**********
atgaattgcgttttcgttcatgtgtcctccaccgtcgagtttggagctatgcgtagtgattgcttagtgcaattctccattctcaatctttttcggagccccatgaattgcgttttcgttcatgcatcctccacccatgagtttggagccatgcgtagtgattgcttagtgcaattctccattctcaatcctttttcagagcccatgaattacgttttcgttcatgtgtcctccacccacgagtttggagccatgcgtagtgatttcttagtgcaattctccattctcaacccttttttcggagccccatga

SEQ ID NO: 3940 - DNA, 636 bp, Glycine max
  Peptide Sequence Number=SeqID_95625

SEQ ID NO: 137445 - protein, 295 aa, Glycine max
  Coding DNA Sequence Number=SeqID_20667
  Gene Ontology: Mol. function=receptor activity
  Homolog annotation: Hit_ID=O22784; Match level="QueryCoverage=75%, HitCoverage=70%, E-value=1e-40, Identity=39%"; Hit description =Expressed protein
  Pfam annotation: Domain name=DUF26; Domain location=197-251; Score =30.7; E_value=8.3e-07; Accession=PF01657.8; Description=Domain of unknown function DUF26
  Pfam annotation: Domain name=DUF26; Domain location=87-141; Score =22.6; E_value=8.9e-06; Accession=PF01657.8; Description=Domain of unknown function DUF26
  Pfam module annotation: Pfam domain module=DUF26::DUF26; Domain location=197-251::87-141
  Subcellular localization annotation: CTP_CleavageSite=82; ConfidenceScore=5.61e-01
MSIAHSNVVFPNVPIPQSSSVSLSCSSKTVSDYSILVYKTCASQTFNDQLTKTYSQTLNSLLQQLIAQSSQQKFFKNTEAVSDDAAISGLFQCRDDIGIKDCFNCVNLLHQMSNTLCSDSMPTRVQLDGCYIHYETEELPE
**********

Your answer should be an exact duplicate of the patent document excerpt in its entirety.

atgaattgcgttttcgttcatgtgtcctccaccgtcgagtttggagctatgcgtagtgattgcttagtgcaattctccattctcaatctttttcggagccccatgaattgcgttttcgttcatgcatcctccacccatgagtttggagccatgcgtagtgattgcttagtgcaattctccattctcaatcctttttcagagcccatgaattacgttttcgttcatgtgtcctccacccacgagtttggagccatgcgtagtgatttcttagtgcaattctccattctcaacccttttttcggagccccatga

SEQ ID NO: 3940 - DNA, 636 bp, Glycine max
  Peptide Sequence Number=SeqID_95625

SEQ ID NO: 137445 - protein, 295 aa, Glycine max
  Coding DNA Sequence Number=SeqID_20667
  Gene Ontology: Mol. function=receptor activity
  Homolog annotation: Hit_ID=O22784; Match level="QueryCoverage=75%, HitCoverage=70%, E-value=1e-40, Identity=39%"; Hit description =Expressed protein
  Pfam annotation: Domain name=DUF26; Domain location=197-251; Score =30.7; E_value=8.3e-07; Accession=PF01657.8; Description=Domain of unknown function DUF26
  Pfam annotation: Domain name=DUF26; Domain location=87-141; Score =22.6; E_value=8.9e-06; Accession=PF01657.8; Description=Domain of unknown function DUF26
  Pfam module annotation: Pfam domain module=DUF26::DUF26; Domain location=197-251::87-141
  Subcellular localization annotation: CTP_CleavageSite=82; ConfidenceScore=5.61e-01
MSIAHSNVVFPNVPIPQSSSVSLSCSSKTVSDYSILVYKTCASQTFNDQLTKTYSQTLNSLLQQLIAQSSQQKFFKNTEAVSDDAAISGLFQCRDDIGIKDCFNCVNLLHQMSNTLCSDSMPTRVQLDGCYIHYETEELPE